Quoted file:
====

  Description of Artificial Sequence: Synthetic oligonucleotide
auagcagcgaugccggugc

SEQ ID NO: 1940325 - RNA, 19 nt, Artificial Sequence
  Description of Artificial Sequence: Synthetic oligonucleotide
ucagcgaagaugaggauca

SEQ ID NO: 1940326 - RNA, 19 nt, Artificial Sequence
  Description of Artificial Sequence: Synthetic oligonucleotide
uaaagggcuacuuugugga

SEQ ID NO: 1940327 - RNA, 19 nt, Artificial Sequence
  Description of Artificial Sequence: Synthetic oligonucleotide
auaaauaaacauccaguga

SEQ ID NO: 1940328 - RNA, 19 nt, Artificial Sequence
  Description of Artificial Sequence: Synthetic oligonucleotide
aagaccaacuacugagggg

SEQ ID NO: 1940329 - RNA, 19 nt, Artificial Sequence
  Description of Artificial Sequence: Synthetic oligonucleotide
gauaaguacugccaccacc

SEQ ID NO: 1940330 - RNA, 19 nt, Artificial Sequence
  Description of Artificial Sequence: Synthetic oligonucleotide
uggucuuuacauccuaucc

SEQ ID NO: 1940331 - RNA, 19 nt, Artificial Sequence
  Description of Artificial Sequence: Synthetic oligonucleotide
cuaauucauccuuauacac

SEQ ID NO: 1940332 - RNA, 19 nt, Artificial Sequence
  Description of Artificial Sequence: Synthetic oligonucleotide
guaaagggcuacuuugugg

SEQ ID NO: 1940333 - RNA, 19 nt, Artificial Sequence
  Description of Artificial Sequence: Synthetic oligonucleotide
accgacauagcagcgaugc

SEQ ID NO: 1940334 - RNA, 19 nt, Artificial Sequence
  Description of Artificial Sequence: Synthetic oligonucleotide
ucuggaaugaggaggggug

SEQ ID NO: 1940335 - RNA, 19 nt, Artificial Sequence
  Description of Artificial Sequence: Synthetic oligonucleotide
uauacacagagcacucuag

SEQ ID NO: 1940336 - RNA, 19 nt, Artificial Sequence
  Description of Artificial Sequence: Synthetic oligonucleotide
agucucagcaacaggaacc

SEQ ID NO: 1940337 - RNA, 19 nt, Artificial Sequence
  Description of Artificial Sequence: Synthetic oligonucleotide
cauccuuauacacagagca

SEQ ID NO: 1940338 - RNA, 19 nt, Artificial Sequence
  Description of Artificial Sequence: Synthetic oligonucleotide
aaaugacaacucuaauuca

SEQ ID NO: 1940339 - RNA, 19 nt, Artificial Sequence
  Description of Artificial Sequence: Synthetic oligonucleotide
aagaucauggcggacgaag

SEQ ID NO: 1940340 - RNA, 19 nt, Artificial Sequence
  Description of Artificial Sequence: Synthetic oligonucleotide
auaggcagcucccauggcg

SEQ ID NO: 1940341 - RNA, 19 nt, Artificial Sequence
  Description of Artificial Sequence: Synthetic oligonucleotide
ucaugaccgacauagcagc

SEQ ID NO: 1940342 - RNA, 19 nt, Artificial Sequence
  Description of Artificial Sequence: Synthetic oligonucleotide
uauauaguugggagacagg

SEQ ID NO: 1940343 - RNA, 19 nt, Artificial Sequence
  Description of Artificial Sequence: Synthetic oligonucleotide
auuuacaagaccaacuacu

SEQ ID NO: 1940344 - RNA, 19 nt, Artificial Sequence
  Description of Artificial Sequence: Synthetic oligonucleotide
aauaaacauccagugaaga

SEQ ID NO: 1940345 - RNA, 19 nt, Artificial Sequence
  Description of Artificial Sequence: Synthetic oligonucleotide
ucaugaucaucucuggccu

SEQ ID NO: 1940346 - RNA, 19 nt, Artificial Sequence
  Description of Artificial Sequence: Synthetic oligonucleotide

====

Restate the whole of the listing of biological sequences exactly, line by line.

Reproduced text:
  Description of Artificial Sequence: Synthetic oligonucleotide
auagcagcgaugccggugc

SEQ ID NO: 1940325 - RNA, 19 nt, Artificial Sequence
  Description of Artificial Sequence: Synthetic oligonucleotide
ucagcgaagaugaggauca

SEQ ID NO: 1940326 - RNA, 19 nt, Artificial Sequence
  Description of Artificial Sequence: Synthetic oligonucleotide
uaaagggcuacuuugugga

SEQ ID NO: 1940327 - RNA, 19 nt, Artificial Sequence
  Description of Artificial Sequence: Synthetic oligonucleotide
auaaauaaacauccaguga

SEQ ID NO: 1940328 - RNA, 19 nt, Artificial Sequence
  Description of Artificial Sequence: Synthetic oligonucleotide
aagaccaacuacugagggg

SEQ ID NO: 1940329 - RNA, 19 nt, Artificial Sequence
  Description of Artificial Sequence: Synthetic oligonucleotide
gauaaguacugccaccacc

SEQ ID NO: 1940330 - RNA, 19 nt, Artificial Sequence
  Description of Artificial Sequence: Synthetic oligonucleotide
uggucuuuacauccuaucc

SEQ ID NO: 1940331 - RNA, 19 nt, Artificial Sequence
  Description of Artificial Sequence: Synthetic oligonucleotide
cuaauucauccuuauacac

SEQ ID NO: 1940332 - RNA, 19 nt, Artificial Sequence
  Description of Artificial Sequence: Synthetic oligonucleotide
guaaagggcuacuuugugg

SEQ ID NO: 1940333 - RNA, 19 nt, Artificial Sequence
  Description of Artificial Sequence: Synthetic oligonucleotide
accgacauagcagcgaugc

SEQ ID NO: 1940334 - RNA, 19 nt, Artificial Sequence
  Description of Artificial Sequence: Synthetic oligonucleotide
ucuggaaugaggaggggug

SEQ ID NO: 1940335 - RNA, 19 nt, Artificial Sequence
  Description of Artificial Sequence: Synthetic oligonucleotide
uauacacagagcacucuag

SEQ ID NO: 1940336 - RNA, 19 nt, Artificial Sequence
  Description of Artificial Sequence: Synthetic oligonucleotide
agucucagcaacaggaacc

SEQ ID NO: 1940337 - RNA, 19 nt, Artificial Sequence
  Description of Artificial Sequence: Synthetic oligonucleotide
cauccuuauacacagagca

SEQ ID NO: 1940338 - RNA, 19 nt, Artificial Sequence
  Description of Artificial Sequence: Synthetic oligonucleotide
aaaugacaacucuaauuca

SEQ ID NO: 1940339 - RNA, 19 nt, Artificial Sequence
  Description of Artificial Sequence: Synthetic oligonucleotide
aagaucauggcggacgaag

SEQ ID NO: 1940340 - RNA, 19 nt, Artificial Sequence
  Description of Artificial Sequence: Synthetic oligonucleotide
auaggcagcucccauggcg

SEQ ID NO: 1940341 - RNA, 19 nt, Artificial Sequence
  Description of Artificial Sequence: Synthetic oligonucleotide
ucaugaccgacauagcagc

SEQ ID NO: 1940342 - RNA, 19 nt, Artificial Sequence
  Description of Artificial Sequence: Synthetic oligonucleotide
uauauaguugggagacagg

SEQ ID NO: 1940343 - RNA, 19 nt, Artificial Sequence
  Description of Artificial Sequence: Synthetic oligonucleotide
auuuacaagaccaacuacu

SEQ ID NO: 1940344 - RNA, 19 nt, Artificial Sequence
  Description of Artificial Sequence: Synthetic oligonucleotide
aauaaacauccagugaaga

SEQ ID NO: 1940345 - RNA, 19 nt, Artificial Sequence
  Description of Artificial Sequence: Synthetic oligonucleotide
ucaugaucaucucuggccu

SEQ ID NO: 1940346 - RNA, 19 nt, Artificial Sequence
  Description of Artificial Sequence: Synthetic oligonucleotide